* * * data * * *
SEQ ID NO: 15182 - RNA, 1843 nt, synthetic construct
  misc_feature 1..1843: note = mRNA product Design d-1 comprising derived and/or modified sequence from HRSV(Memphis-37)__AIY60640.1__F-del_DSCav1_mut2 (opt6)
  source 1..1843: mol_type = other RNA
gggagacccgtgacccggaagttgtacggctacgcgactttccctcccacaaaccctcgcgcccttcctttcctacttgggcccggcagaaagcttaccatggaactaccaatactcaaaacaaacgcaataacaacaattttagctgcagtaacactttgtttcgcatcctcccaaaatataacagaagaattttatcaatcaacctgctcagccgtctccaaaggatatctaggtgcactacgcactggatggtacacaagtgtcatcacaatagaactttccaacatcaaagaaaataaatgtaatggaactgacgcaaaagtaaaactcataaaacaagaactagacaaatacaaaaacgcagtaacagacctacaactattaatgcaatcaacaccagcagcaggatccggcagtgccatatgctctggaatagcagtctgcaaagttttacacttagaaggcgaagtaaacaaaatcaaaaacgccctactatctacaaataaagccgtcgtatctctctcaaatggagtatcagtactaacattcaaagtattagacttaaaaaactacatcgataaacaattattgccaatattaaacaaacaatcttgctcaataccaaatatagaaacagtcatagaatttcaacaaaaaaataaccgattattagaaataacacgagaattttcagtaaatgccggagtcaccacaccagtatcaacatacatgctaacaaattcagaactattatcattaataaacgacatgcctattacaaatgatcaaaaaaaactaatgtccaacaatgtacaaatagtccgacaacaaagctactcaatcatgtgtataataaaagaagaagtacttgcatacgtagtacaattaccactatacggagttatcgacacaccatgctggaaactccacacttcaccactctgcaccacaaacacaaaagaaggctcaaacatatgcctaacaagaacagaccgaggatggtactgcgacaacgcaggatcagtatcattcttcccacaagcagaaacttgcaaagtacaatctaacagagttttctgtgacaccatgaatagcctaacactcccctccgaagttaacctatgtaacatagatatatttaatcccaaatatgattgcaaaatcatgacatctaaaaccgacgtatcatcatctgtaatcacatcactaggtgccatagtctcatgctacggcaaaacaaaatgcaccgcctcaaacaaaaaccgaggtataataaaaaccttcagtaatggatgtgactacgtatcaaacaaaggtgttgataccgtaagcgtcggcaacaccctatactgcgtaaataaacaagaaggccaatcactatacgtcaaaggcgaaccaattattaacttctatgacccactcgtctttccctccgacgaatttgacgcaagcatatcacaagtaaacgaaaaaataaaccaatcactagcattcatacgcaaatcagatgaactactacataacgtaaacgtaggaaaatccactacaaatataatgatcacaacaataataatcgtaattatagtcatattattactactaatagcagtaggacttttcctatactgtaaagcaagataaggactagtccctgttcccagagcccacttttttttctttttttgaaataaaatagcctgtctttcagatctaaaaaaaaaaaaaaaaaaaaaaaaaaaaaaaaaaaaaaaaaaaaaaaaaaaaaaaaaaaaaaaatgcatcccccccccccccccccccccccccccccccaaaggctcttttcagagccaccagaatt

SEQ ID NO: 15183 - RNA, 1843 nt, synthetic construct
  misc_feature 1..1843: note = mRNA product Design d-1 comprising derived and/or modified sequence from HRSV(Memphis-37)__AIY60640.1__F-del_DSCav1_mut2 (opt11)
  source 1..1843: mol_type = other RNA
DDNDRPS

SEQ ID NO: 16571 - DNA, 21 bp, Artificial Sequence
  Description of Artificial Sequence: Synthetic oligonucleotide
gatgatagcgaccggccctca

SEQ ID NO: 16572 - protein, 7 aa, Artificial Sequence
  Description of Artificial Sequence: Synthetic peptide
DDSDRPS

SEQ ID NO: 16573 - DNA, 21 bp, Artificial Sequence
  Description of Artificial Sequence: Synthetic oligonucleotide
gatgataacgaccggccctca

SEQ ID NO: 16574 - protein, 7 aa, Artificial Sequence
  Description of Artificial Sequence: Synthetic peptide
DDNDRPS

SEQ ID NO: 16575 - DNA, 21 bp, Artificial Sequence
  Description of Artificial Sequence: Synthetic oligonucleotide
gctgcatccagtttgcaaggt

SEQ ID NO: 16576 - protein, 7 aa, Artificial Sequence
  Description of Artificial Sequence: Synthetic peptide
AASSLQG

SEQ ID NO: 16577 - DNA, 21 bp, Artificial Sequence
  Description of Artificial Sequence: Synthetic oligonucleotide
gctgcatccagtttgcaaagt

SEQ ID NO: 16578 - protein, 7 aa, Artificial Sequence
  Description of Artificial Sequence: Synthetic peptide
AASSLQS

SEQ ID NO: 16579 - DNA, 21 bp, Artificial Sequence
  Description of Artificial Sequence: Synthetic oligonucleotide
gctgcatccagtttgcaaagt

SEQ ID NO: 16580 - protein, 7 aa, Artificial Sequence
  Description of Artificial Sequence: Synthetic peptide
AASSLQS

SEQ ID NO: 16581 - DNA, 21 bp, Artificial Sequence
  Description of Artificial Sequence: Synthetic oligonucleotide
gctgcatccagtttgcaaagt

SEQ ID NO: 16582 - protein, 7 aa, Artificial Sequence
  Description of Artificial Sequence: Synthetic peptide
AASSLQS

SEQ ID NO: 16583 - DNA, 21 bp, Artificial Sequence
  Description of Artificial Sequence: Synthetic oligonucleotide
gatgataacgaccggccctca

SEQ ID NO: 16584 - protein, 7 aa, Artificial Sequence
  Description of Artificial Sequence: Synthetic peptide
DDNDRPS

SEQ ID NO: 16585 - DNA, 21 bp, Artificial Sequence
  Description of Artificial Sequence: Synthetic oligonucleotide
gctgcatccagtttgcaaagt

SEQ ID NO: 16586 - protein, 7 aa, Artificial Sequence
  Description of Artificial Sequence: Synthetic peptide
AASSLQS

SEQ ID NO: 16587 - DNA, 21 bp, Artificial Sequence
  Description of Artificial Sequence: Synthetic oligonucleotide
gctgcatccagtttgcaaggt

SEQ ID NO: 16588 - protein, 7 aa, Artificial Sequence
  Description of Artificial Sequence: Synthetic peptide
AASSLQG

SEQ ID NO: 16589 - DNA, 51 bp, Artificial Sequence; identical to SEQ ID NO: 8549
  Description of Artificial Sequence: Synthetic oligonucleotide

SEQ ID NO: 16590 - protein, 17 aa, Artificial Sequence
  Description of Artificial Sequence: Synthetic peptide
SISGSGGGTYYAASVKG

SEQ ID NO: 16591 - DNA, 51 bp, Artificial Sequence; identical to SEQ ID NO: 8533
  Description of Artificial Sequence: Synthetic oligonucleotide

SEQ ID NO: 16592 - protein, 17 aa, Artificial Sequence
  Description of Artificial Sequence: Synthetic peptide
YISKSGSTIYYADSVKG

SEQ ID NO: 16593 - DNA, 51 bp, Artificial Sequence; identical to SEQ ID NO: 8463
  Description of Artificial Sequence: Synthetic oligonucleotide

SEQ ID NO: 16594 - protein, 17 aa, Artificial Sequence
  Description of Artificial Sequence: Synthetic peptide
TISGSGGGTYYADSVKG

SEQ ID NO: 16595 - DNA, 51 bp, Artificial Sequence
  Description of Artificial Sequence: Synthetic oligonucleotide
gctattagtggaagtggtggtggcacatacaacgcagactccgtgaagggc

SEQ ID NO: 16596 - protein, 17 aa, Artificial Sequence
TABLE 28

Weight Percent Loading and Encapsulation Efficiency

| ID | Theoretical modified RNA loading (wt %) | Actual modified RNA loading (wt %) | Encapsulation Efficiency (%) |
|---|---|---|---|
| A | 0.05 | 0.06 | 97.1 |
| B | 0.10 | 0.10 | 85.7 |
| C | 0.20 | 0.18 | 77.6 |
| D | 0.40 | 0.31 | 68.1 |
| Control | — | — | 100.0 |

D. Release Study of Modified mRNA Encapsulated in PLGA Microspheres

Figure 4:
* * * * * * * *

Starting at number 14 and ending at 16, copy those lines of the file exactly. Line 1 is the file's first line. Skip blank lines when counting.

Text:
DDSDRPS

SEQ ID NO: 16573 - DNA, 21 bp, Artificial Sequence
  Description of Artificial Sequence: Synthetic oligonucleotide